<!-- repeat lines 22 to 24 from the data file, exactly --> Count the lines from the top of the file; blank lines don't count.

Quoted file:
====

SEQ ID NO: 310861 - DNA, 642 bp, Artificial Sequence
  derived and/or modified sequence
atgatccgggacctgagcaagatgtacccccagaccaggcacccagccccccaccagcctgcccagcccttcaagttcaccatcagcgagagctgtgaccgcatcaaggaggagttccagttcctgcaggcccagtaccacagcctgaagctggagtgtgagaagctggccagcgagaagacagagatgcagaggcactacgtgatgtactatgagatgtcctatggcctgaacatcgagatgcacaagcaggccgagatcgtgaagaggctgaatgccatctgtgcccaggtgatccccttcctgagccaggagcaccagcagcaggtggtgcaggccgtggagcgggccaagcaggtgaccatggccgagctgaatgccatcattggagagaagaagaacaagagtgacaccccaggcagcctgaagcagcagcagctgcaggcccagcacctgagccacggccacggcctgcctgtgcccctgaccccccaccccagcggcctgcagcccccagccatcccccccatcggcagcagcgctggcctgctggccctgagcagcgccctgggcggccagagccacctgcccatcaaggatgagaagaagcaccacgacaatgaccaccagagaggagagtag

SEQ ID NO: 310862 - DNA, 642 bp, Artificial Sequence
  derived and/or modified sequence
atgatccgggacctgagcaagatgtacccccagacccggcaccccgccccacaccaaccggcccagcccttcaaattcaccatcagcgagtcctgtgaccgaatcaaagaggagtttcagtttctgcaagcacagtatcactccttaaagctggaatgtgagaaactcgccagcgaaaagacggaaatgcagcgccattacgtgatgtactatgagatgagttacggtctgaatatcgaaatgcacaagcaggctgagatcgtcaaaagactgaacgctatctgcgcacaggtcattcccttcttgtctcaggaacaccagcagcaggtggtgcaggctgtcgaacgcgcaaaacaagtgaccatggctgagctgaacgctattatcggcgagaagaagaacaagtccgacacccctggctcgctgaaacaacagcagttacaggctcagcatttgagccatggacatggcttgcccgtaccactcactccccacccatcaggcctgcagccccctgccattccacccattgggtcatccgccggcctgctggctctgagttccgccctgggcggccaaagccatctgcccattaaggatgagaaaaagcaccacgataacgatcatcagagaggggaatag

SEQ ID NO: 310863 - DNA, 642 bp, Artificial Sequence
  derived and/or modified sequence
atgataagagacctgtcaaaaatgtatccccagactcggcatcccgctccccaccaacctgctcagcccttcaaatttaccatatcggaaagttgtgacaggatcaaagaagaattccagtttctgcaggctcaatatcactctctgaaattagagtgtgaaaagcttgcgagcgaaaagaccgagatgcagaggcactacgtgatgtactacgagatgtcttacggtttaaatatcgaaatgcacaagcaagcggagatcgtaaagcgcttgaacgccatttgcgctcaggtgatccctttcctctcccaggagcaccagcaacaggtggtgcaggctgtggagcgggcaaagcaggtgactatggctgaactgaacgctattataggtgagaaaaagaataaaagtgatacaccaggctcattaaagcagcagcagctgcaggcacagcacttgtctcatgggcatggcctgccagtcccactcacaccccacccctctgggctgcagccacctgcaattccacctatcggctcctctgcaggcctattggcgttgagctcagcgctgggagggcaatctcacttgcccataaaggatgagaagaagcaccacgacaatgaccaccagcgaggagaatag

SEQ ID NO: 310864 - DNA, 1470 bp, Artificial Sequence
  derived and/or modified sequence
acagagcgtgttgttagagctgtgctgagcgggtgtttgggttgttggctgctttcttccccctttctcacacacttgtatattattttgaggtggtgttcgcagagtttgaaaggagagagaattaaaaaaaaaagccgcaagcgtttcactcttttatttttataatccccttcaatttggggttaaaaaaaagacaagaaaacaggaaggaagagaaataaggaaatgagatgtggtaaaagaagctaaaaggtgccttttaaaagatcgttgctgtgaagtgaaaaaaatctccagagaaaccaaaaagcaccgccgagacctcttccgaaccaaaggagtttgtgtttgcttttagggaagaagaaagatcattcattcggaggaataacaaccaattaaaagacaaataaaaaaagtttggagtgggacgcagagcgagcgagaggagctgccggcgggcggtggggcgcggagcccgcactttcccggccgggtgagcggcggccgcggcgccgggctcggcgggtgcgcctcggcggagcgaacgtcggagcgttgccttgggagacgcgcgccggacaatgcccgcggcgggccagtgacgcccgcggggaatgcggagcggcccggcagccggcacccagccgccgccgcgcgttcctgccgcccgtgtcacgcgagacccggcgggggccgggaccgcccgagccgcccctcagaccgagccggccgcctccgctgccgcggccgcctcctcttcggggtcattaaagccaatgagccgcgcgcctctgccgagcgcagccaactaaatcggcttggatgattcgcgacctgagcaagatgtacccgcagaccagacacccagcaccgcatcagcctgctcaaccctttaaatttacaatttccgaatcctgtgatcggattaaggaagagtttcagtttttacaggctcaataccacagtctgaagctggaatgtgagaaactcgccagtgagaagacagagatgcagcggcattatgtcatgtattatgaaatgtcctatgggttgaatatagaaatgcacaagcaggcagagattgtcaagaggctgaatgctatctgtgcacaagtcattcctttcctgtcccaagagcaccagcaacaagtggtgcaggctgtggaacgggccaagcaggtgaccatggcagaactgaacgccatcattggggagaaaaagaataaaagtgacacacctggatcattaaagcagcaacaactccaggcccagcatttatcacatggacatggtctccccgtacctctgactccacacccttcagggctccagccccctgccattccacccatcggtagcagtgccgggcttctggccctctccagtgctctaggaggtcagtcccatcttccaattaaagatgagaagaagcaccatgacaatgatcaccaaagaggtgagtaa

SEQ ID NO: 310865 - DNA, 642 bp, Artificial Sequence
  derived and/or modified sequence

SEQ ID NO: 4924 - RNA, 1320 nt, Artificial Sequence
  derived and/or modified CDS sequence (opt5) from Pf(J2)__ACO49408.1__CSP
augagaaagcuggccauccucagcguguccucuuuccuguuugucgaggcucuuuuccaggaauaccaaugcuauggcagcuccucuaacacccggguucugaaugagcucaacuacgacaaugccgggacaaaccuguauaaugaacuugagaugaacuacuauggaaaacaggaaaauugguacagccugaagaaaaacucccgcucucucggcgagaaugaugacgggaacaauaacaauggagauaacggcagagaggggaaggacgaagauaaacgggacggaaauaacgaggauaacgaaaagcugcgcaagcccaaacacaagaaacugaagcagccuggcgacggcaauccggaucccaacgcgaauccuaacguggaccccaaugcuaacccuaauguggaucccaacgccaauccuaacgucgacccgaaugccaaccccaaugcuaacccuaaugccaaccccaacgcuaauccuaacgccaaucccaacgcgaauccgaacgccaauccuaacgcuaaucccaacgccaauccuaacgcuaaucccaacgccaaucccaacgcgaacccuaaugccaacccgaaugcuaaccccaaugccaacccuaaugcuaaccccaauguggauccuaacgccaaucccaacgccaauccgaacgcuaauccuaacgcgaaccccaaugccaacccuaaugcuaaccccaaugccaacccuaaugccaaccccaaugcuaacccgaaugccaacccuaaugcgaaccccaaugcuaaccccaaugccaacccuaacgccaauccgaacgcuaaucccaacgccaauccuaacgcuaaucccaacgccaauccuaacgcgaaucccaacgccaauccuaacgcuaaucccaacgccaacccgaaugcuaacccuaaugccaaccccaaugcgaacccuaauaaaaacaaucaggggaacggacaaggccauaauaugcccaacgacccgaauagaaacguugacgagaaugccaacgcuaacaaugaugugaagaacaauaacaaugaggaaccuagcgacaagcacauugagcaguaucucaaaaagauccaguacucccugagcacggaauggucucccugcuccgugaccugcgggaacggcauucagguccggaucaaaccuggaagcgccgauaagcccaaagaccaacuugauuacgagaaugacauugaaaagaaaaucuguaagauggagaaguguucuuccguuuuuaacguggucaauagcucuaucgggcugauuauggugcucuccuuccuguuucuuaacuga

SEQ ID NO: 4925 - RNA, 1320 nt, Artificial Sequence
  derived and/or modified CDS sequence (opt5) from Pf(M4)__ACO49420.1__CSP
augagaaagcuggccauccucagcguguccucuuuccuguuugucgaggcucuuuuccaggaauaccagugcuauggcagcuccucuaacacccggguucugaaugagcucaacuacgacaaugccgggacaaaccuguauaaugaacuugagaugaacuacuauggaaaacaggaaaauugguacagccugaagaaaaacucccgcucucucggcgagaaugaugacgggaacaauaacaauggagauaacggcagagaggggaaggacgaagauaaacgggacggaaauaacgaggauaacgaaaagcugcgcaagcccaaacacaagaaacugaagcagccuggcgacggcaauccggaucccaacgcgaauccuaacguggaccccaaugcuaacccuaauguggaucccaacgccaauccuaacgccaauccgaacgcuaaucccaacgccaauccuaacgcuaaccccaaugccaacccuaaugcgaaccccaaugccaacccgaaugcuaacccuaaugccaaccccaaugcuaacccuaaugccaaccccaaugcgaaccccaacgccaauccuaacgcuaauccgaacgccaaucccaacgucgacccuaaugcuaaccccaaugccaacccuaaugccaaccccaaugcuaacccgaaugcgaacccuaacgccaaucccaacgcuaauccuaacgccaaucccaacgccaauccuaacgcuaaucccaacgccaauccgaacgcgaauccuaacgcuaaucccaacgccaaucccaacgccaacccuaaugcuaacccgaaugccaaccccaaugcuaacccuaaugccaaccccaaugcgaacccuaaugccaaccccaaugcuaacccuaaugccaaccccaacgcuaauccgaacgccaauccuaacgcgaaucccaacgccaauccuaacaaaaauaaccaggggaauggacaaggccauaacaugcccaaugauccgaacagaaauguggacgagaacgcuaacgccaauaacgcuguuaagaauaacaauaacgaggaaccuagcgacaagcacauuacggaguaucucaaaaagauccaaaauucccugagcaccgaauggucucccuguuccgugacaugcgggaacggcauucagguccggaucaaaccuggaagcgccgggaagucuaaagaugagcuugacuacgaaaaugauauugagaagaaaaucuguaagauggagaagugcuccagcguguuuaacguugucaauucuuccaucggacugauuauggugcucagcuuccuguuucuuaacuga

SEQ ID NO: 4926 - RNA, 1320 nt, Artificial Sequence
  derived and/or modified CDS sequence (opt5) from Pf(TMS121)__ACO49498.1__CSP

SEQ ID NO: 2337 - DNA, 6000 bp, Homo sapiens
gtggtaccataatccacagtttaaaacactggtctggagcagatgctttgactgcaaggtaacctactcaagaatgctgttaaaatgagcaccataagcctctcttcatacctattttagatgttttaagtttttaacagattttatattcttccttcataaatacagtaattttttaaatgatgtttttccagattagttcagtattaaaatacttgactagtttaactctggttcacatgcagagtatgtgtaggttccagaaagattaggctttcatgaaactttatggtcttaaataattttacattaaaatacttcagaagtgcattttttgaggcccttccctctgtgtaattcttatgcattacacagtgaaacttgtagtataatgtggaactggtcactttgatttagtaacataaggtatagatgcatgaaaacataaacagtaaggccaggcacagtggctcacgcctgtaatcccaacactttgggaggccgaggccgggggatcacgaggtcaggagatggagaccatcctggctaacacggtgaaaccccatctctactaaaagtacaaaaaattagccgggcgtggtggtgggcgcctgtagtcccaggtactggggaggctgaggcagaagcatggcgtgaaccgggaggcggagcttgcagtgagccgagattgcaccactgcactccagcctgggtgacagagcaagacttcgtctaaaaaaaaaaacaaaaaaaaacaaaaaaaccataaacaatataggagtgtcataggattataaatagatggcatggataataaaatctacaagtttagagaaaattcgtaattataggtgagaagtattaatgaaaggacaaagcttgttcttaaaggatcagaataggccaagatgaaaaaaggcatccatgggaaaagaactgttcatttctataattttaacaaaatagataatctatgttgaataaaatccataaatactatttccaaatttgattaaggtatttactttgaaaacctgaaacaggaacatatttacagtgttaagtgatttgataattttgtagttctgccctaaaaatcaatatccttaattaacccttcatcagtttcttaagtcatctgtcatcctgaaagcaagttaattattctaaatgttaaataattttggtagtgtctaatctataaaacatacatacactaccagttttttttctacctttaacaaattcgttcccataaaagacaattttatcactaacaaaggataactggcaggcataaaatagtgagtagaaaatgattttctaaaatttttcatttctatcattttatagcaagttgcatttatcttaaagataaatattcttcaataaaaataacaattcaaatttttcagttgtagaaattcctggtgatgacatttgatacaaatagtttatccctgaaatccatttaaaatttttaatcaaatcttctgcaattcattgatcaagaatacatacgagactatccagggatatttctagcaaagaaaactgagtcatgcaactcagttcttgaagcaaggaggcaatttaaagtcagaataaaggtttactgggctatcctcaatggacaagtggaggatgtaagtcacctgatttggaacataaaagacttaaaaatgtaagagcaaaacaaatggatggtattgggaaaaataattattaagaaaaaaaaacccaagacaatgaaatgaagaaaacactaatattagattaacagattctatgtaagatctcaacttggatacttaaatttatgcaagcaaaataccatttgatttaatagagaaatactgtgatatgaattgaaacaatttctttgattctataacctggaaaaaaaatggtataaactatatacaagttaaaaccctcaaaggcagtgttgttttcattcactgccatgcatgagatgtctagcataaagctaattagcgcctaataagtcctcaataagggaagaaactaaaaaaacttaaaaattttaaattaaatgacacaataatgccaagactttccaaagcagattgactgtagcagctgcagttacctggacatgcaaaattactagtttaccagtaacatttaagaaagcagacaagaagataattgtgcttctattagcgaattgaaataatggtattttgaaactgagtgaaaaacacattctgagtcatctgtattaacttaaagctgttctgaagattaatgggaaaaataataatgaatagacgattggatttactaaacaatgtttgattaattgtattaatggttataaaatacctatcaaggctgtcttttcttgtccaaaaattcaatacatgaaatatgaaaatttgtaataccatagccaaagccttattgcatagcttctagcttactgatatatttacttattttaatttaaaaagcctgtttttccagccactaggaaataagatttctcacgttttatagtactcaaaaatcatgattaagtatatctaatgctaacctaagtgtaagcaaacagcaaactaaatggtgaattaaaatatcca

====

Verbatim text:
  derived and/or modified CDS sequence (opt5) from Pf(TMS121)__ACO49498.1__CSP

SEQ ID NO: 2337 - DNA, 6000 bp, Homo sapiens
gtggtaccataatccacagtttaaaacactggtctggagcagatgctttgactgcaaggtaacctactcaagaatgctgttaaaatgagcaccataagcctctcttcatacctattttagatgttttaagtttttaacagattttatattcttccttcataaatacagtaattttttaaatgatgtttttccagattagttcagtattaaaatacttgactagtttaactctggttcacatgcagagtatgtgtaggttccagaaagattaggctttcatgaaactttatggtcttaaataattttacattaaaatacttcagaagtgcattttttgaggcccttccctctgtgtaattcttatgcattacacagtgaaacttgtagtataatgtggaactggtcactttgatttagtaacataaggtatagatgcatgaaaacataaacagtaaggccaggcacagtggctcacgcctgtaatcccaacactttgggaggccgaggccgggggatcacgaggtcaggagatggagaccatcctggctaacacggtgaaaccccatctctactaaaagtacaaaaaattagccgggcgtggtggtgggcgcctgtagtcccaggtactggggaggctgaggcagaagcatggcgtgaaccgggaggcggagcttgcagtgagccgagattgcaccactgcactccagcctgggtgacagagcaagacttcgtctaaaaaaaaaaacaaaaaaaaacaaaaaaaccataaacaatataggagtgtcataggattataaatagatggcatggataataaaatctacaagtttagagaaaattcgtaattataggtgagaagtattaatgaaaggacaaagcttgttcttaaaggatcagaataggccaagatgaaaaaaggcatccatgggaaaagaactgttcatttctataattttaacaaaatagataatctatgttgaataaaatccataaatactatttccaaatttgattaaggtatttactttgaaaacctgaaacaggaacatatttacagtgttaagtgatttgataattttgtagttctgccctaaaaatcaatatccttaattaacccttcatcagtttcttaagtcatctgtcatcctgaaagcaagttaattattctaaatgttaaataattttggtagtgtctaatctataaaacatacatacactaccagttttttttctacctttaacaaattcgttcccataaaagacaattttatcactaacaaaggataactggcaggcataaaatagtgagtagaaaatgattttctaaaatttttcatttctatcattttatagcaagttgcatttatcttaaagataaatattcttcaataaaaataacaattcaaatttttcagttgtagaaattcctggtgatgacatttgatacaaatagtttatccctgaaatccatttaaaatttttaatcaaatcttctgcaattcattgatcaagaatacatacgagactatccagggatatttctagcaaagaaaactgagtcatgcaactcagttcttgaagcaaggaggcaatttaaagtcagaataaaggtttactgggctatcctcaatggacaagtggaggatgtaagtcacctgatttggaacataaaagacttaaaaatgtaagagcaaaacaaatggatggtattgggaaaaataattattaagaaaaaaaaacccaagacaatgaaatgaagaaaacactaatattagattaacagattctatgtaagatctcaacttggatacttaaatttatgcaagcaaaataccatttgatttaatagagaaatactgtgatatgaattgaaacaatttctttgattctataacctggaaaaaaaatggtataaactatatacaagttaaaaccctcaaaggcagtgttgttttcattcactgccatgcatgagatgtctagcataaagctaattagcgcctaataagtcctcaataagggaagaaactaaaaaaacttaaaaattttaaattaaatgacacaataatgccaagactttccaaagcagattgactgtagcagctgcagttacctggacatgcaaaattactagtttaccagtaacatttaagaaagcagacaagaagataattgtgcttctattagcgaattgaaataatggtattttgaaactgagtgaaaaacacattctgagtcatctgtattaacttaaagctgttctgaagattaatgggaaaaataataatgaatagacgattggatttactaaacaatgtttgattaattgtattaatggttataaaatacctatcaaggctgtcttttcttgtccaaaaattcaatacatgaaatatgaaaatttgtaataccatagccaaagccttattgcatagcttctagcttactgatatatttacttattttaatttaaaaagcctgtttttccagccactaggaaataagatttctcacgttttatagtactcaaaaatcatgattaagtatatctaatgctaacctaagtgtaagcaaacagcaaactaaatggtgaattaaaatatcca